• a B/Washington/02/2019-like (B/Victoria lineage) virus; and
  • a B/Phuket/3073/2013-like (B/Yamagata lineage) virus.

It is recommended that trivalent vaccines for use in the 2020 southern hemisphere influenza season contain the following:

  • an A/Brisbane/02/2018 (H1N1)pdm09-like virus;
  • an A/South Australia/34/2019 (H3N2)-like virus; and
  • a B/Washington/02/2019-like (B/Victoria lineage) virus;

These recommendations includes changes in the A(H1N1)pdm09, A(H3N2) and B/Victoria lineage components of the vaccine. The recommendations are based on a combination of genetic and serological data obtained by analysis of recently circulating viruses. In serological analysis, surface proteins of circulating viruses are characterised using blood serum samples derived from ferrets (ferret antisera).

The A(H1N1)pdm09 component was updated to that included in the northern hemisphere 2019-2020 vaccine. The A(H3N2) vaccine was updated to A/South Australia/34/2019 because a larger proportion of recently circulating A(H3N2) viruses were well-inhibited by ferret antisera produced against A/South Australia/34/2019 compared to those produced against previous vaccine strains A/Switzerland/8060/2017 (Southern Hemisphere 2019) and A/Kansas/14/2017 (Northern Hemisphere 2019-2020). This is the third consecutive change in the recommended strain for the A(H3N2) component of the influenza vaccine, reflecting the ongoing evolution of circulating A(H3N2) viruses. The B/Victoria component of the recommended vaccine has also changed because in most countries the predominant proportion of circulating influenza B viruses were similar to B/Washington/02/2019 and different from the previous vaccine virus (B/Colorado/6/2017). Notably, the new B/Victoria lineage component (B/Washington/2/2019) contains a three amino acid deletion in the sequence of its haemagglutinin (HA) protein, whereas the previously recommended strain contained a two amino acid deletion in its HA protein.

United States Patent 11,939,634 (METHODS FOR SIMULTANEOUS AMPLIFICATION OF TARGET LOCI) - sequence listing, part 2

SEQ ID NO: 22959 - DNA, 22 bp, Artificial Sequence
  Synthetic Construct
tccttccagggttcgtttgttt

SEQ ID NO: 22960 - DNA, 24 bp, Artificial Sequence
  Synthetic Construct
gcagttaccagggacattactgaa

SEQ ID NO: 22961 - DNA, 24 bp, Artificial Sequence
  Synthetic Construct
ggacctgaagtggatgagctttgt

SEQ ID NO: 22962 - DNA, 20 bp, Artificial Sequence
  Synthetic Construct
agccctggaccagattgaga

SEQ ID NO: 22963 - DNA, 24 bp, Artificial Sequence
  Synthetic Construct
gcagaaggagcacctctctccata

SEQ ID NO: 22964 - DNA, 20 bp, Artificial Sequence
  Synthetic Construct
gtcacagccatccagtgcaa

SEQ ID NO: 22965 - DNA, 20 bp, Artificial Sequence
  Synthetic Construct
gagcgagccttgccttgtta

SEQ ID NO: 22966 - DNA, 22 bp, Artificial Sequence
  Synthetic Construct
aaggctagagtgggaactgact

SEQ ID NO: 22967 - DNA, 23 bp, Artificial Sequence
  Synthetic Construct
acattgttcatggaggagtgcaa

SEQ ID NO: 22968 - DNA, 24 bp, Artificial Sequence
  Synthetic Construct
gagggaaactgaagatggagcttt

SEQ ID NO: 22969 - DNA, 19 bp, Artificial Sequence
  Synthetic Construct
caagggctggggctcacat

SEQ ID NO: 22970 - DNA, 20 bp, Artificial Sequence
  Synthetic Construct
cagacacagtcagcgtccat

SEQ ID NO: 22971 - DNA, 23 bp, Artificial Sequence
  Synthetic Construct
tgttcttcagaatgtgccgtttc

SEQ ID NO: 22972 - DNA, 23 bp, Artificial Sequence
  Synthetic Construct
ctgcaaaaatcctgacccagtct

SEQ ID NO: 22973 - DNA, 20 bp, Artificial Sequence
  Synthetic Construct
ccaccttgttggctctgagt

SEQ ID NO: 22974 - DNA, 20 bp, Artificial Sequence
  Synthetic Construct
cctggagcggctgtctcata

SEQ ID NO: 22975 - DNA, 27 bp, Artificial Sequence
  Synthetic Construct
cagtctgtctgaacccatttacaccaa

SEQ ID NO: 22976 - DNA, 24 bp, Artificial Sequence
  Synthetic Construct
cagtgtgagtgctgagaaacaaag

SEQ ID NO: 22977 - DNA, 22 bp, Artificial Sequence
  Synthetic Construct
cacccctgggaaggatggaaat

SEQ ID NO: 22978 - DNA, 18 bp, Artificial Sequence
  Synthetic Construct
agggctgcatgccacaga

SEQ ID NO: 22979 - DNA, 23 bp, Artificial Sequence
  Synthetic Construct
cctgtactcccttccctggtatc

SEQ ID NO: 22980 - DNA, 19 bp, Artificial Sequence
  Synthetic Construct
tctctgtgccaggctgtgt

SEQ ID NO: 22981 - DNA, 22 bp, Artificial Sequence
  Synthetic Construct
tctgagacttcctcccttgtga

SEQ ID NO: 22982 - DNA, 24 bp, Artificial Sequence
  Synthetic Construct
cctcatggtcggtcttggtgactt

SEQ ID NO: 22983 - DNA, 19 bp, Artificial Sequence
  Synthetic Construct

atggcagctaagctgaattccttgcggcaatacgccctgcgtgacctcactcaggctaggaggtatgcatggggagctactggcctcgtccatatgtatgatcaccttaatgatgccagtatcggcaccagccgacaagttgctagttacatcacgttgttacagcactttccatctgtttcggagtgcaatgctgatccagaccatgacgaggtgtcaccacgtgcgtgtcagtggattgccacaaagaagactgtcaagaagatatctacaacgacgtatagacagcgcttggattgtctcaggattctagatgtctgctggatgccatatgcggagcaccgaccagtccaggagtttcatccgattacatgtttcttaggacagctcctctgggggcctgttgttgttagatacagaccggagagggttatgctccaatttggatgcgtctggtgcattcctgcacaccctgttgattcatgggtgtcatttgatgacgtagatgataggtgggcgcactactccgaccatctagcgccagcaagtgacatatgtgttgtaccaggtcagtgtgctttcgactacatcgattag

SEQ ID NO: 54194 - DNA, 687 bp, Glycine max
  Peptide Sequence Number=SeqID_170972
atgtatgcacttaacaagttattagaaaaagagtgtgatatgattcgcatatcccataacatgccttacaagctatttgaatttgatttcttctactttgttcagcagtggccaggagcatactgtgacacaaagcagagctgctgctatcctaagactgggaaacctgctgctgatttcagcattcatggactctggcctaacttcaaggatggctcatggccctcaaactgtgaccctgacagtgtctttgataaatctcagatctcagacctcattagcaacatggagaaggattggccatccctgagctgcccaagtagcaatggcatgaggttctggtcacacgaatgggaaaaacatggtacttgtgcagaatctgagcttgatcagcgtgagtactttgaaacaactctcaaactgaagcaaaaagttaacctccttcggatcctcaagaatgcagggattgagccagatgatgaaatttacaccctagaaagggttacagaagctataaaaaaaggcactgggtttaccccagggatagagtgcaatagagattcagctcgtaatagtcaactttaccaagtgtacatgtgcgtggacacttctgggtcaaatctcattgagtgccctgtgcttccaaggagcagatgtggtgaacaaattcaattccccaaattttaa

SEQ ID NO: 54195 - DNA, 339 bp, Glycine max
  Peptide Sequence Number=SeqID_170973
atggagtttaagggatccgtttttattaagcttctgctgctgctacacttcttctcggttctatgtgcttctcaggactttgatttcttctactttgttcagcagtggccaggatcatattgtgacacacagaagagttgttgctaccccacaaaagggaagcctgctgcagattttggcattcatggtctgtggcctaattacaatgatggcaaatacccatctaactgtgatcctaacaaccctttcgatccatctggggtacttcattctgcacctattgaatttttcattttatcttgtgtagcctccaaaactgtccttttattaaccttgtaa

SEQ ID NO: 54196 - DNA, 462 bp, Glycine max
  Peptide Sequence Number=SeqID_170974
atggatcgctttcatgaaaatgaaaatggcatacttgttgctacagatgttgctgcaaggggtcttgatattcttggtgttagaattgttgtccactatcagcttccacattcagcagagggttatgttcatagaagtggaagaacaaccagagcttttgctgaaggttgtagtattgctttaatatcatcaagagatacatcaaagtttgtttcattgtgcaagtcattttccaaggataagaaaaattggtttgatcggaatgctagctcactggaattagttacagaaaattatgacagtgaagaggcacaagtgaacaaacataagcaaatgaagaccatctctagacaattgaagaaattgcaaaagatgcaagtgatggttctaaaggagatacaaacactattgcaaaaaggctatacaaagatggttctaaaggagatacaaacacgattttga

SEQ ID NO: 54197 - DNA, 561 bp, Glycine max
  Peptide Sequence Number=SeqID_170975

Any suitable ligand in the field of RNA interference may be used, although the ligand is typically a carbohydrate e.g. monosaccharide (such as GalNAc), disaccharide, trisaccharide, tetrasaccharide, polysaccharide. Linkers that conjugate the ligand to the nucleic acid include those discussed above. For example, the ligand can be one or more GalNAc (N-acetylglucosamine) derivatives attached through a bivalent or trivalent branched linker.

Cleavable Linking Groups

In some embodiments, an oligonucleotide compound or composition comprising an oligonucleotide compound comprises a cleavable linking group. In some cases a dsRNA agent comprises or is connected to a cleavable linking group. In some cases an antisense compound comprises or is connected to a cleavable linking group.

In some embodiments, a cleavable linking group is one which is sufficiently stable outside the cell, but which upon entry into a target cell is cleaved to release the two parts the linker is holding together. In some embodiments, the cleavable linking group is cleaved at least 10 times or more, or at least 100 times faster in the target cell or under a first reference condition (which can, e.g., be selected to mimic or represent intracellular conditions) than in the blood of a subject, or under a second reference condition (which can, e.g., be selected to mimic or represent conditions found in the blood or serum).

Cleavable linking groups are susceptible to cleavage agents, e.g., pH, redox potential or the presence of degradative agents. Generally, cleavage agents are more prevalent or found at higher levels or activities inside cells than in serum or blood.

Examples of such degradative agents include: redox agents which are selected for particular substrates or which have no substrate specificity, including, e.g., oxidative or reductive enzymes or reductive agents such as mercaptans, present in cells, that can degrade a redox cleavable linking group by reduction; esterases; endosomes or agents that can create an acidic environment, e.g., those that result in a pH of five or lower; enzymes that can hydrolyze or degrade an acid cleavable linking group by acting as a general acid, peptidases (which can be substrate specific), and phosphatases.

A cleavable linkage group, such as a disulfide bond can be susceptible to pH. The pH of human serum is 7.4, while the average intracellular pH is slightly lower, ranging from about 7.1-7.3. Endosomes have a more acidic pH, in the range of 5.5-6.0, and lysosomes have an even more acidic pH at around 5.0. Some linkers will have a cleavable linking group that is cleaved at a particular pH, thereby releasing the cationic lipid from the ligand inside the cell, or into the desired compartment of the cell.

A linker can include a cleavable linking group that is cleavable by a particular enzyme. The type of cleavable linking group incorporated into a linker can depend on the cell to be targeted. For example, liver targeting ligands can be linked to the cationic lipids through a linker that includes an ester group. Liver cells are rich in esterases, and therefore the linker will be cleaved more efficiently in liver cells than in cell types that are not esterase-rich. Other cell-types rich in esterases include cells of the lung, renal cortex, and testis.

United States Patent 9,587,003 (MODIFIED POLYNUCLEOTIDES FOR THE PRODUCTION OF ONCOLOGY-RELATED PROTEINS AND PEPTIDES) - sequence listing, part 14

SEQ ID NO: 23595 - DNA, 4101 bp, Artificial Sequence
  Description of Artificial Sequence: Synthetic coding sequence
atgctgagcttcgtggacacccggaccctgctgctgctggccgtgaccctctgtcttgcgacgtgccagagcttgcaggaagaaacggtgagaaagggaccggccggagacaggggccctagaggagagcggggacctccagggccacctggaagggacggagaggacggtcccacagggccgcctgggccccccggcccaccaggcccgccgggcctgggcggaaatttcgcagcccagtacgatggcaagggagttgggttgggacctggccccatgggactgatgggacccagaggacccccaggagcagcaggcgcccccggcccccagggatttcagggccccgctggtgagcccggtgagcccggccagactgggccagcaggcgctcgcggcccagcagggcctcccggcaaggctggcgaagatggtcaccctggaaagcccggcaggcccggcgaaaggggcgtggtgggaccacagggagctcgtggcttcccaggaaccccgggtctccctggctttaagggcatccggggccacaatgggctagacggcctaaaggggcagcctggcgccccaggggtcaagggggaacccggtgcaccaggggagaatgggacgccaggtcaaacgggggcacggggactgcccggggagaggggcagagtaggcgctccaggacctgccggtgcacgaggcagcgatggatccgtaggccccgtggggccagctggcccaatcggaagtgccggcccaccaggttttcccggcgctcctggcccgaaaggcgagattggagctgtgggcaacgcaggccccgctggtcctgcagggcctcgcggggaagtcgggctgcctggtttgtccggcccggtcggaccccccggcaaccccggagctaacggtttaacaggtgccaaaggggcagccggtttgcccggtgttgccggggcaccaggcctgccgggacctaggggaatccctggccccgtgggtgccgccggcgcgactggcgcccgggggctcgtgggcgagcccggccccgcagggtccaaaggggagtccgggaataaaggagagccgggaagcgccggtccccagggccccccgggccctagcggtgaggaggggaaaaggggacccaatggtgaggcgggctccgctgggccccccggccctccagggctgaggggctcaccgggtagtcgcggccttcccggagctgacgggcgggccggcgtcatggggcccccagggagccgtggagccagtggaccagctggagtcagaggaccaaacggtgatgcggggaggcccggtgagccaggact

The newly recommended A(H3N2) vaccine virus, A/South Australia/34/2019, was first isolated as a candidate vaccine virus by the Centre in Melbourne. In total, three of the viruses recommended for inclusion in the quadrivalent vaccine the 2020 southern hemisphere influenza season were originally isolated as candidate vaccine viruses at the Centre.

While WHO makes recommendations for the influenza vaccine, it is up to national authorities to decide on the final composition for their individual countries, usually taking into account the WHO recommendation. The Australian Influenza Vaccine Committee met in Canberra on October 9 and made the same recommendation as the WHO for the 2020 influenza season.

All current recommendations: http://influenzacentre.org/surveillance_vaccines.htm

Full WHO recommendations: https://www.who.int/influenza/vaccines/virus/recommendations/2020_south/en/

Recommendations for the Australian influenza vaccine in 2020: https://www.tga.gov.au/aivc-recommendations-composition-influenza-vaccine-australia-2020